An Expiration Date for Your Marriage?
One guy proposes a time limit for marriage as the cure for divorce. Yeah, good luck with that one.
If you're married and under the age of 45, there's a 50 percent chance your union won't last. But despite that fact, most people tie the knot with 'forever' in mind. Sure, they might not realize the heft of 'forever', but usually, the intention is: till death do us part.
But Tad Low, a writer for Men's Health, says therein lies the problem. He argues that, because most couples know they've got each other locked down, they stop trying. We know where he's coming from, right? We've all seen the slew of sitcoms featuring a half-assed husband and his hot wife.
But here's where Tad gets controversial. He proposes the concept of "time-limited marriage." Instead of committing for life, each partner has the opportunity to end their 'contract' at predetermined intervals: every three years, five years, seven years, etc. Think of it as a maintenance schedule for your marriage.
Generally, the reaction is…well, here. I'll let this commenter explain:
But come on; let's hear Tad out. His theory is that a marriage contract would force each partner to try. It would keep them on their toes, making them work for their marriage. Theoretically, it would keep the fire going, and ultimately—prevent divorce.
And if you're really committed to each other, and confident about it, you shouldn't have to worry whether or not you or your other half would want to renew the contract. If there's doubt, marriage might not be the best idea in the first place.
Then again, marriage is work. And where there's work, there are people who want to quit. Perhaps an expiration date on your 'contract' would encourage that. Saying 'I do' means a commitment forever, for all time, for better or—and here's where the work part comes in—for worse. It's kind of a big deal.
Also, the concept sort of begs the question, what's the point? There's always the possibility of being together forever and not getting married. Or am I just crazy talking now?
So many people look to a relationship to "fix" them or make them feel good. In an intimate marriage that WORKS, you get a mirror held up to your face every day. The question is whether you want to face your weaknesses and work through them, if you're willing to be vulnerable, if you're excited about loving unconditionally (and receiving it in return)---if you are then marriage is a phenomenal union.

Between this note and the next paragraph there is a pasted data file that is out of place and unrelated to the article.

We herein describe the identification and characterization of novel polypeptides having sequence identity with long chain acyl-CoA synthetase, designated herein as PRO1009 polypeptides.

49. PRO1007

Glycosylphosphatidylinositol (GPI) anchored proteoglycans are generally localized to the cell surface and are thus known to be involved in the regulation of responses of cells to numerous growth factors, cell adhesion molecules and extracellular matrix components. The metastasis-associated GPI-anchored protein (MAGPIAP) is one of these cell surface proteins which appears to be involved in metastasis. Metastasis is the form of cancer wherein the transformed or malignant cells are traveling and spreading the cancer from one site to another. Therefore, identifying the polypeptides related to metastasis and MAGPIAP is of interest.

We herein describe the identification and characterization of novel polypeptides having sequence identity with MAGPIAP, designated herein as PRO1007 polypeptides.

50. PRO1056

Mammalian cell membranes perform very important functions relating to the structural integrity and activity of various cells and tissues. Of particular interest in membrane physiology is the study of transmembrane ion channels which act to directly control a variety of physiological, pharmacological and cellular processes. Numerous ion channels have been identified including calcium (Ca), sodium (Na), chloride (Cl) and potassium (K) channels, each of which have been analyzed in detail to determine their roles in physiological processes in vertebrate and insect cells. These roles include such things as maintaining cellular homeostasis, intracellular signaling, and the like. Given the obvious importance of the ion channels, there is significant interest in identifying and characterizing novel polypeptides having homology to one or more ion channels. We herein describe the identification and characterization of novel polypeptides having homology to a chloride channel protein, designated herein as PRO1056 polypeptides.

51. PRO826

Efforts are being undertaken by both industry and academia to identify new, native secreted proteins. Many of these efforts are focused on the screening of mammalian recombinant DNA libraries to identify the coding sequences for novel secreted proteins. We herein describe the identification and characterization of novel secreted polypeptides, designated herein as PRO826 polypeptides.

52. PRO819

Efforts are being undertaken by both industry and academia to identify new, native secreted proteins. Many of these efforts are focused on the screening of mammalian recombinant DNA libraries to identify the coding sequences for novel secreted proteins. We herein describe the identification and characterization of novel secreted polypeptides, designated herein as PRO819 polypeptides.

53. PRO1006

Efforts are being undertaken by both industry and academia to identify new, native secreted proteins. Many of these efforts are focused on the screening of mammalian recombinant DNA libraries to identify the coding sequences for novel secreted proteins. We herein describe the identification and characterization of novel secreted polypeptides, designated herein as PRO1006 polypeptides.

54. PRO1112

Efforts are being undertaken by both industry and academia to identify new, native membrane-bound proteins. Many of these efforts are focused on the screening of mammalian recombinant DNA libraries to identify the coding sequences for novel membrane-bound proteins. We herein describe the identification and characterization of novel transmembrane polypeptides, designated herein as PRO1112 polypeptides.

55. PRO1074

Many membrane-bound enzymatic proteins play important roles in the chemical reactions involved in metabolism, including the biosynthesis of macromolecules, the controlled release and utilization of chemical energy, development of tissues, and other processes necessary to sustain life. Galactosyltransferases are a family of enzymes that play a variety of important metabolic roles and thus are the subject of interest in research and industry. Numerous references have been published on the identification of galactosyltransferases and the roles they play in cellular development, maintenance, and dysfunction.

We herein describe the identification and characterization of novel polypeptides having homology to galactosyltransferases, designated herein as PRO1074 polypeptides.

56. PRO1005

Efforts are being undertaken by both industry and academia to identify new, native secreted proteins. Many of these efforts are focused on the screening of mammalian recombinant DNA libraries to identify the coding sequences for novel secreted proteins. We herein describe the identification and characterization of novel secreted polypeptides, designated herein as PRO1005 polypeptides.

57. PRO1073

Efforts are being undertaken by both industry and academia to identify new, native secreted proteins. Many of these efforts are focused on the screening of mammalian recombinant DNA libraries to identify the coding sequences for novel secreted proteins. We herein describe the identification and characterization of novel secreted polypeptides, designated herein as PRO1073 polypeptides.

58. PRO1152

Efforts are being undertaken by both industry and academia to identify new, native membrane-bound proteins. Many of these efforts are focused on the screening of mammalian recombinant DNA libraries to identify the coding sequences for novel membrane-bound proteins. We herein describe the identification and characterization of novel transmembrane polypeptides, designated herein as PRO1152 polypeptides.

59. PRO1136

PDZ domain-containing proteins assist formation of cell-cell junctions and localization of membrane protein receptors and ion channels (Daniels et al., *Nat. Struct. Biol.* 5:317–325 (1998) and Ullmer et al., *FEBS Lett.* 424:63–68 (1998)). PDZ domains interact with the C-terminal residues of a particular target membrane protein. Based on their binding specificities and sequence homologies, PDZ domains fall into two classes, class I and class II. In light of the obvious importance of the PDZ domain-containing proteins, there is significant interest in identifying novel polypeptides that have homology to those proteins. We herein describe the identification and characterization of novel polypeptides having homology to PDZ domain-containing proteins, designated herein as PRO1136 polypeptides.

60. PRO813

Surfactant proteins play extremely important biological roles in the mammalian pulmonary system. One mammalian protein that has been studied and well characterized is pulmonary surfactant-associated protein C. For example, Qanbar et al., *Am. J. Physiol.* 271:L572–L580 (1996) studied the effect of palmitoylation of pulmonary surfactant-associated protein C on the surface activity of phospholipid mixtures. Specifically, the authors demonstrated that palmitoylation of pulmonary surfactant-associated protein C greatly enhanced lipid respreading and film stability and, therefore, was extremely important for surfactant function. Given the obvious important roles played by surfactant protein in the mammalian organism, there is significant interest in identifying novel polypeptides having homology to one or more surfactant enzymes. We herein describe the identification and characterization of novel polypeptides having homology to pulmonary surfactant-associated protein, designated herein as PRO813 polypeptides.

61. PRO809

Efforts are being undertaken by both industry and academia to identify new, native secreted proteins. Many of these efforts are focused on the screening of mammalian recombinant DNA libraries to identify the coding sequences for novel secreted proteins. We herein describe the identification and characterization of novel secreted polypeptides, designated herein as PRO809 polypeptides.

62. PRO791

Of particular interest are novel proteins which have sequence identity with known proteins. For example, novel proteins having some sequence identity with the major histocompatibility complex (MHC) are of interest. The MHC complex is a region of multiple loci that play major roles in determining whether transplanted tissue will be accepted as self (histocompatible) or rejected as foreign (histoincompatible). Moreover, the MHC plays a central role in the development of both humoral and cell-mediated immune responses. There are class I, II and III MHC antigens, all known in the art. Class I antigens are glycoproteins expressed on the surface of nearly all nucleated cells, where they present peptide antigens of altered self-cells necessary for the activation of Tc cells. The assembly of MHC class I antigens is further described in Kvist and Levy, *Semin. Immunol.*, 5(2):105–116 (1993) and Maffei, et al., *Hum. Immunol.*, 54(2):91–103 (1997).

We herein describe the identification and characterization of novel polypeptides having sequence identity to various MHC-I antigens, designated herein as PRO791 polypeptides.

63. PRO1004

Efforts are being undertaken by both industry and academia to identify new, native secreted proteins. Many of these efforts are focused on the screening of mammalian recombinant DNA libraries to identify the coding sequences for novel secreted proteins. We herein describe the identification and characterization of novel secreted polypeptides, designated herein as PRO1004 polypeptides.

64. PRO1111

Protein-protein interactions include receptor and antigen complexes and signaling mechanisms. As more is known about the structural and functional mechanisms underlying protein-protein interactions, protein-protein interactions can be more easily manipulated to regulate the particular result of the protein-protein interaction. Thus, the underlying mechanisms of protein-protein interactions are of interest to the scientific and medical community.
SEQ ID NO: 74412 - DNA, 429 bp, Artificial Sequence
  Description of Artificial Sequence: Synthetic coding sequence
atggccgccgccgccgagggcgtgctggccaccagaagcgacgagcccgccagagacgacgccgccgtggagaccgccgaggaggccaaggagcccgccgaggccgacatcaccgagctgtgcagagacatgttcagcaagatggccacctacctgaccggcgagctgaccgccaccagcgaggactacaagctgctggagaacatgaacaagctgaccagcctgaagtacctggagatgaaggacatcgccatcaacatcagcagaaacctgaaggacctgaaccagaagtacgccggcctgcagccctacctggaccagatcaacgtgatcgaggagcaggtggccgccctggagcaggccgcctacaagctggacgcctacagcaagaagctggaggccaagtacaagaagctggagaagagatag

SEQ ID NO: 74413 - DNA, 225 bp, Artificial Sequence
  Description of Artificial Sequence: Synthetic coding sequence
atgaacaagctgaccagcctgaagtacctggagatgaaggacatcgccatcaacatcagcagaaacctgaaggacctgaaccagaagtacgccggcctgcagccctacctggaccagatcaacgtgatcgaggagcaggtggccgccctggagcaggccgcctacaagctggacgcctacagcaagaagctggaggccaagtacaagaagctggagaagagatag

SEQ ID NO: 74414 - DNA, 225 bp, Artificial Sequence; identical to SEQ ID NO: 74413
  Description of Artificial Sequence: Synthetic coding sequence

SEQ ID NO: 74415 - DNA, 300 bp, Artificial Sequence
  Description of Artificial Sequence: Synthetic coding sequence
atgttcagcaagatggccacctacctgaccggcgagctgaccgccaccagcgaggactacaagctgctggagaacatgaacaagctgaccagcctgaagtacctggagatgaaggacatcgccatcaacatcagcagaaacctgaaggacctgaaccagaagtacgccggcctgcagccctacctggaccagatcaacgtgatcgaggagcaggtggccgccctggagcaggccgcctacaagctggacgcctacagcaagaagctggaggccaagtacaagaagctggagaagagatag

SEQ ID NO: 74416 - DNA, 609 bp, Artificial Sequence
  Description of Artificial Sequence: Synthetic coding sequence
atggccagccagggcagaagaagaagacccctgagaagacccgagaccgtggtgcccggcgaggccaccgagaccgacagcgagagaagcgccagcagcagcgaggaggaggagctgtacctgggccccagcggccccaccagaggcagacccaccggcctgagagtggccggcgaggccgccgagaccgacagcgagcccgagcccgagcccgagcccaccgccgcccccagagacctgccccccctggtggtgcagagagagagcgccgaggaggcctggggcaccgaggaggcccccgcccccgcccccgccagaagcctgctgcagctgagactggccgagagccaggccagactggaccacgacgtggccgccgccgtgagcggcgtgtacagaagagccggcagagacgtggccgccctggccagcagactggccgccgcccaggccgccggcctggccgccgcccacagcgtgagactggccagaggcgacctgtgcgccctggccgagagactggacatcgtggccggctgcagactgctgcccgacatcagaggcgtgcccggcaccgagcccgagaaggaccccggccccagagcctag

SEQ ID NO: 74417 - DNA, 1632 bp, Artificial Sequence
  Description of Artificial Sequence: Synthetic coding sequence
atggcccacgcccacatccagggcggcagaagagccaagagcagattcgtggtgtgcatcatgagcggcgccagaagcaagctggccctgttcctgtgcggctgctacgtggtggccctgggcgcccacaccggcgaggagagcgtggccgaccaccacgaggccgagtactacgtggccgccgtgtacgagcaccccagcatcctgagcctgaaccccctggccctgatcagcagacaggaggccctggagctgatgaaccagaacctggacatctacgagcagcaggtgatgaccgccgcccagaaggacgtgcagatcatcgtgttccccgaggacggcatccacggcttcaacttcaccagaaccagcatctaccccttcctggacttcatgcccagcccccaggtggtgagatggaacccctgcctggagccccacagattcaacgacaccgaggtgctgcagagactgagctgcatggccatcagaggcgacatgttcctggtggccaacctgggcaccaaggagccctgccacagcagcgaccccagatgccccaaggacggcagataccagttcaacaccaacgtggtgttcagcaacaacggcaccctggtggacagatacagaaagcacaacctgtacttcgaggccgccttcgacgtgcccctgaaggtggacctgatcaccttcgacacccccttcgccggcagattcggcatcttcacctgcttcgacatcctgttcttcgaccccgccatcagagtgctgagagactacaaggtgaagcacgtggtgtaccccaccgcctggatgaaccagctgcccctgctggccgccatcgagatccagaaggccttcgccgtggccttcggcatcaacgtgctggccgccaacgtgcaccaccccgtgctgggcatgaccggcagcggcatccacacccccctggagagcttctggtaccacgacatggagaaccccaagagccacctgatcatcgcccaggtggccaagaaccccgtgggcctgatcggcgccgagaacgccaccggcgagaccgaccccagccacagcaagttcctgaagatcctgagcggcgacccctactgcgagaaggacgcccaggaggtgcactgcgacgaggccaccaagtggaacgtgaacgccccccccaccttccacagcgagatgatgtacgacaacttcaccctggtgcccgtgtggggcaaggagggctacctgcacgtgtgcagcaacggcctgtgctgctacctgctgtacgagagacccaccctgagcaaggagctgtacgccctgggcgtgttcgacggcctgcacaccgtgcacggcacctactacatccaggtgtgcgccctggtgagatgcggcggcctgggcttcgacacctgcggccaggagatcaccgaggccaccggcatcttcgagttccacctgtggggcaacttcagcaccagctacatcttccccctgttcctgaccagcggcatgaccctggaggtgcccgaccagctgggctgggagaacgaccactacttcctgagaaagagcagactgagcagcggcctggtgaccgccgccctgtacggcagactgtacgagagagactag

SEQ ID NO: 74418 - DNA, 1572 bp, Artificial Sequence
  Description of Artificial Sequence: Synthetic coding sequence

When you work your marriage, you are accepting the challenge and joy that comes with witnessing every aspect of another person's life, and they yours. How pop culture conveys "marriages," is misleading at best, and unfortunately, this is where many people turn to get advice. No one comes from a perfectly functioning family. We are all learning and growing. When you commit to someone, and they love you warts and all, that's quite a testament to the staying power of committed love and to growing into a humble, compassionate, giving adult.
beauty tips and style advice
You already know wearing white after Labor Day is cool. But menswear is reinventing itself rapidly, leaving some long-held mandates by the wayside, not to mention a bunch of men with a lot of questions. Sure, some style laws are truly inviolable. Showing a quarter-inch of cuff will always be crucial, but with designers and dandies flaunting so many former taboos it's hard to tell what's in play these days. So we thought we'd take this opportunity to let you know which rules no longer apply.
Put down the wrinkled button-down, step away from the Crocs, and open your closet. We need to talk about the new rules of casual.
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